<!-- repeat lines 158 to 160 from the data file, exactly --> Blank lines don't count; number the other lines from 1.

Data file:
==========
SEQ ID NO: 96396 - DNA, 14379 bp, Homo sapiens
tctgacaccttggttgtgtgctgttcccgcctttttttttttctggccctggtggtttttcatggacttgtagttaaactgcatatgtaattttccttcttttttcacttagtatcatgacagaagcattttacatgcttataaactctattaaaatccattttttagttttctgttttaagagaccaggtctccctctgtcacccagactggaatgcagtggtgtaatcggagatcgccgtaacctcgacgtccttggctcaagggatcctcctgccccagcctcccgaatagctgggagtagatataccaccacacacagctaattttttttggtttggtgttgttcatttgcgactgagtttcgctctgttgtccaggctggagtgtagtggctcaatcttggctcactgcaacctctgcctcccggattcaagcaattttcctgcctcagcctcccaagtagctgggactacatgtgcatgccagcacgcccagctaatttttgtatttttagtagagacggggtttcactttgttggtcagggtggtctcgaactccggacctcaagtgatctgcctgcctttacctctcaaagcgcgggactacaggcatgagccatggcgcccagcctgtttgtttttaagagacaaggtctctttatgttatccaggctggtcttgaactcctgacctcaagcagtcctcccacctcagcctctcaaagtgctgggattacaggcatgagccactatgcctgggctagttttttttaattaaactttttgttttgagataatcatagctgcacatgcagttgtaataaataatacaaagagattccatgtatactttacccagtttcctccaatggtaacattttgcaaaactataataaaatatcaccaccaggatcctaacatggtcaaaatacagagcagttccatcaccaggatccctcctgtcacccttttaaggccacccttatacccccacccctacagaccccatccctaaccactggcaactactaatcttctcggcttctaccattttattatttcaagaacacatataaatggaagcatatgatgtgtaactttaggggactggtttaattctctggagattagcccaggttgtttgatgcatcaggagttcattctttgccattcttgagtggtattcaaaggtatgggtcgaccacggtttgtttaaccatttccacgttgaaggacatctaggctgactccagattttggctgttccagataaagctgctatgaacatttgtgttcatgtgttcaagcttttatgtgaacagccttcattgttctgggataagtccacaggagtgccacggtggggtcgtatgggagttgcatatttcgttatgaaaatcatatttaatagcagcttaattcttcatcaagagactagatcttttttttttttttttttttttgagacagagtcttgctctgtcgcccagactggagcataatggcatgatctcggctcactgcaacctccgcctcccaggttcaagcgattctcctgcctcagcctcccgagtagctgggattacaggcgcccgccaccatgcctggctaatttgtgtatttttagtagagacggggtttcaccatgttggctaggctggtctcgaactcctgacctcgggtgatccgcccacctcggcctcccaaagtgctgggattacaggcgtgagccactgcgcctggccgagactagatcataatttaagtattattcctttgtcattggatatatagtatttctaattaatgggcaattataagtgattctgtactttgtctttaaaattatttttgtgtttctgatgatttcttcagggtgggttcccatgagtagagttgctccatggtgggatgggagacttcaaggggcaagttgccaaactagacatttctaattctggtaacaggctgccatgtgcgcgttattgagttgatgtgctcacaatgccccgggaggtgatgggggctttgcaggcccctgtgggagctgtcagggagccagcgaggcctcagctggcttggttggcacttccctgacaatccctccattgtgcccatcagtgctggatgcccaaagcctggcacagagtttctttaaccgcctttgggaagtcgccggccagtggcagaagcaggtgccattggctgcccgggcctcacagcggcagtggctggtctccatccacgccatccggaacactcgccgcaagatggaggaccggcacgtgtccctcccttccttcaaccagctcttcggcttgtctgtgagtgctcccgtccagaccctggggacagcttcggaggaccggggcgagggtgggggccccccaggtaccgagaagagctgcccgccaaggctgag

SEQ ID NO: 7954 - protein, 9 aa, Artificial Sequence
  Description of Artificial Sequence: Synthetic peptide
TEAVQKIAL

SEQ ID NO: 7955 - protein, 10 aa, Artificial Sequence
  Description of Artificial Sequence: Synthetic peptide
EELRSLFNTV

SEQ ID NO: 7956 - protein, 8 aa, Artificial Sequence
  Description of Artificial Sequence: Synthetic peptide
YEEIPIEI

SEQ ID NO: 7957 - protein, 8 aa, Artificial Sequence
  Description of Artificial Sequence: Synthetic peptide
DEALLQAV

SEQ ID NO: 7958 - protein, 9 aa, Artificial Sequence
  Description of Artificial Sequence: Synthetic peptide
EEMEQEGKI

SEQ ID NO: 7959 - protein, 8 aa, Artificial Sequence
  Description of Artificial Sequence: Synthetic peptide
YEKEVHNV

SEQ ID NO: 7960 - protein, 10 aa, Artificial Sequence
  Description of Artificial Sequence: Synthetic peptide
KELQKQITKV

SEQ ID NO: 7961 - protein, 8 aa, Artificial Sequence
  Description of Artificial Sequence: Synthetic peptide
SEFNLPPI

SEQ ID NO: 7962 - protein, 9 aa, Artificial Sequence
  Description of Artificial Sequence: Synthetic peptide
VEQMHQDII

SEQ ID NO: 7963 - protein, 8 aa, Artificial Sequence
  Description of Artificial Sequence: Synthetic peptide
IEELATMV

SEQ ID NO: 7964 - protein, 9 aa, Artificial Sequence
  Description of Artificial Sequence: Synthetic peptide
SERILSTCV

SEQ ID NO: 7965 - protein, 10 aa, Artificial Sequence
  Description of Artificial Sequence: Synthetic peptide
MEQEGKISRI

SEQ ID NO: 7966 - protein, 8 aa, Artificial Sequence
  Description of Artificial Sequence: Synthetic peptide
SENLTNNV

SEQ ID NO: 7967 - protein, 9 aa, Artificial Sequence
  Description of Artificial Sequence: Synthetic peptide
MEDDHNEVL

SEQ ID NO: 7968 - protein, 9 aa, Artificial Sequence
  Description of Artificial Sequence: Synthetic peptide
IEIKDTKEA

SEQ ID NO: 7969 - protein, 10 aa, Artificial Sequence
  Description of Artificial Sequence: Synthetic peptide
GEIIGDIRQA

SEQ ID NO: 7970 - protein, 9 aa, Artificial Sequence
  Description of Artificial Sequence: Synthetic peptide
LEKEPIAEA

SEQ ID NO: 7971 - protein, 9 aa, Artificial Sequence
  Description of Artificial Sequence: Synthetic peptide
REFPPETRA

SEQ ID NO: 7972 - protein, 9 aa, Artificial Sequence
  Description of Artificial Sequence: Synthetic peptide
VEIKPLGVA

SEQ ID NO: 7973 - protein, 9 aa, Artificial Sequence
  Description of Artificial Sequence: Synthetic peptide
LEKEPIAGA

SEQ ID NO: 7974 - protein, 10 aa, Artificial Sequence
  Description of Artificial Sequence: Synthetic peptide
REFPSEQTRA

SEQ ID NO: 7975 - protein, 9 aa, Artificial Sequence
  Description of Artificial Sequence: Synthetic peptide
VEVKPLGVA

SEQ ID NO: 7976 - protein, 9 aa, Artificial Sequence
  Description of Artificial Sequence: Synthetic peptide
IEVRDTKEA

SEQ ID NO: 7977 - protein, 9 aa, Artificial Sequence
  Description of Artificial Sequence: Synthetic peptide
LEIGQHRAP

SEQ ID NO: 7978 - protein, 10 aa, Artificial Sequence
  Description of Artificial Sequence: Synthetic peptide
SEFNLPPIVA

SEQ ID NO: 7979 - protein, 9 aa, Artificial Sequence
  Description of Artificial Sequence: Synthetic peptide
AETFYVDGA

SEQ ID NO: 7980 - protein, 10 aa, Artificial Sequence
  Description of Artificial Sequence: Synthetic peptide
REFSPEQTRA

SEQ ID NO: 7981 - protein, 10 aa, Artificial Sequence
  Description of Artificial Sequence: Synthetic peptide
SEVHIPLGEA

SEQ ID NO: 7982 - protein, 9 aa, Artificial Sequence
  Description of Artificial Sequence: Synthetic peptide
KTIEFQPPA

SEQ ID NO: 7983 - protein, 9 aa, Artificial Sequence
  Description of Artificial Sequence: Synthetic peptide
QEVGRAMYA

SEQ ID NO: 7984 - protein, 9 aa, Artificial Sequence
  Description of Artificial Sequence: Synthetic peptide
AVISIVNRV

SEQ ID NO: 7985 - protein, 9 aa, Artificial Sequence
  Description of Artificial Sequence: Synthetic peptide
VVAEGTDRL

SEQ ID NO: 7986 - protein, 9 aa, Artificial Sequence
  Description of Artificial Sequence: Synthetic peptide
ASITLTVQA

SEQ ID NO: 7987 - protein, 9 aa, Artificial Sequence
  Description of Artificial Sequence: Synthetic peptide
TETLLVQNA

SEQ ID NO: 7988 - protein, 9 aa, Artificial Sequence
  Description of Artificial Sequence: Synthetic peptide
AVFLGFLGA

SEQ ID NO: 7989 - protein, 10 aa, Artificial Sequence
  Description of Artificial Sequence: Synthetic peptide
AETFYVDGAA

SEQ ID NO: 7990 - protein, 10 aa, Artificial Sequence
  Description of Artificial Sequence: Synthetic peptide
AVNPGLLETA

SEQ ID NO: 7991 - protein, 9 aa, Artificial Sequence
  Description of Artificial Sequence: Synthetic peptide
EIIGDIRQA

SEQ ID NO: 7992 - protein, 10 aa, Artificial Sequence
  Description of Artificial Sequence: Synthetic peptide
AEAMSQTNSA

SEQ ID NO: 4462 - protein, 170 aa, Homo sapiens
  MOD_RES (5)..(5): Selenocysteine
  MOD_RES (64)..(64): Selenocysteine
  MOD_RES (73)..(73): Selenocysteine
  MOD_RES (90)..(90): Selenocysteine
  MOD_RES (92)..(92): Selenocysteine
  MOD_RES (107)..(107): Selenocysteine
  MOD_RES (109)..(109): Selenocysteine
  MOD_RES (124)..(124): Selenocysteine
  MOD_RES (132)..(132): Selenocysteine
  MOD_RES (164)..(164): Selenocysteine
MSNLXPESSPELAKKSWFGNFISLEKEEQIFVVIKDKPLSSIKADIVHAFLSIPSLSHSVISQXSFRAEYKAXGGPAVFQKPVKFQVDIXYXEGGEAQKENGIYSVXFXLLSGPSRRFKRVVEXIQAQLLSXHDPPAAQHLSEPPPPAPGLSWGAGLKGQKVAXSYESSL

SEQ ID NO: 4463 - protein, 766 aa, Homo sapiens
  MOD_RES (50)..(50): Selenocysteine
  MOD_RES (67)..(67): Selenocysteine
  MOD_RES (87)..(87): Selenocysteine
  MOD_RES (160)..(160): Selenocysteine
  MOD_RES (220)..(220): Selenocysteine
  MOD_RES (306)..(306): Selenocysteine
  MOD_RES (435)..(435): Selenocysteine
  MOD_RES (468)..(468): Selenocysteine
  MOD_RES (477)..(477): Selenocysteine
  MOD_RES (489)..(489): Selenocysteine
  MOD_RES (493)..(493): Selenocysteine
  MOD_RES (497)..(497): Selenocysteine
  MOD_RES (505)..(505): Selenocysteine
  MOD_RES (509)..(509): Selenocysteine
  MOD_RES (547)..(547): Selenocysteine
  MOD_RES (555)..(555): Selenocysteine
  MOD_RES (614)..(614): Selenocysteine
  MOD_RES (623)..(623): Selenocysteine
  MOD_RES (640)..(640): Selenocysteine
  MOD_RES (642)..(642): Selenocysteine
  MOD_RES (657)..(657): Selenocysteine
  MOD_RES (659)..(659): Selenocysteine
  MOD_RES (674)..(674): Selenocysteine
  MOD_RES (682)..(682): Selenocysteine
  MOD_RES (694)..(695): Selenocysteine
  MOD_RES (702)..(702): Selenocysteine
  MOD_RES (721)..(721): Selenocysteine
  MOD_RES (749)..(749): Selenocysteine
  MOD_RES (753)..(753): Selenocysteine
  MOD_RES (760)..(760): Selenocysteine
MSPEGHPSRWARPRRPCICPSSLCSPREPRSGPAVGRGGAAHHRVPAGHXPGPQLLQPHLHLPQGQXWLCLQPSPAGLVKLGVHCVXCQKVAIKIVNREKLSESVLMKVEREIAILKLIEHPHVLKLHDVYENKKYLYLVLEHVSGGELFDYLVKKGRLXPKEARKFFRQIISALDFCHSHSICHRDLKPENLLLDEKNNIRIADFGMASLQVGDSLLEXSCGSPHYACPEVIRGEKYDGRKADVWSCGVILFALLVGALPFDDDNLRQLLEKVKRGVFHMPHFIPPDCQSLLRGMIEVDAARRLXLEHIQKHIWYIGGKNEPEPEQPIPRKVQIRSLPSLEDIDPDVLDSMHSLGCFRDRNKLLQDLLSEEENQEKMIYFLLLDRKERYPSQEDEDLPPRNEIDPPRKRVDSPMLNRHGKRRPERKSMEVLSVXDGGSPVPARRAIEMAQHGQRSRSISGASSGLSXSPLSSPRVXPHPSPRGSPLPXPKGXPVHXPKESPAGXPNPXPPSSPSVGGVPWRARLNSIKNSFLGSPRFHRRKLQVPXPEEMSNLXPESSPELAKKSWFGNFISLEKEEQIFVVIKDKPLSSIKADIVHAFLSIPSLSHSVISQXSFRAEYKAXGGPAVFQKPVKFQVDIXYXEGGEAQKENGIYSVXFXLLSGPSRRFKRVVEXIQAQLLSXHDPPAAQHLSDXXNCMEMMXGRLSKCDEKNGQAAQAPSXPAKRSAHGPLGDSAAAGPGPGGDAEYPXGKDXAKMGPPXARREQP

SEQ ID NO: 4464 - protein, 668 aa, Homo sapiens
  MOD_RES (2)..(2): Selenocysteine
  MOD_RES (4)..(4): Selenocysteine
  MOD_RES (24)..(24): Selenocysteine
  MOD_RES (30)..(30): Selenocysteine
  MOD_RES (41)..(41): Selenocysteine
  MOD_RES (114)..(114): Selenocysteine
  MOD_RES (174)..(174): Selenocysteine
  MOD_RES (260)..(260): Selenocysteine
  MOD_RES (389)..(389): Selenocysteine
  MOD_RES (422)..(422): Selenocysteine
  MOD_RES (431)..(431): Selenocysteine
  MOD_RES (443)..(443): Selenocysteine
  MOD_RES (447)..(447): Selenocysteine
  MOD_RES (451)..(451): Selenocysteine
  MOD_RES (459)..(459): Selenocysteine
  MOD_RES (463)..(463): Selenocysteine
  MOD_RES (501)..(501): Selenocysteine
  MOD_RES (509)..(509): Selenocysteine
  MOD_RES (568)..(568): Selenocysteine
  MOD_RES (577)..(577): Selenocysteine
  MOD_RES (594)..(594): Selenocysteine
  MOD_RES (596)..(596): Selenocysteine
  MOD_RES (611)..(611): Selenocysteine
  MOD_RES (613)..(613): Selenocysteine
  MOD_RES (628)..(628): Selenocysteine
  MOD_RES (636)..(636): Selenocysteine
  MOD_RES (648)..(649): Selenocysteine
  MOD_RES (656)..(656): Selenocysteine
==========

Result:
  MOD_RES (702)..(702): Selenocysteine
  MOD_RES (721)..(721): Selenocysteine
  MOD_RES (749)..(749): Selenocysteine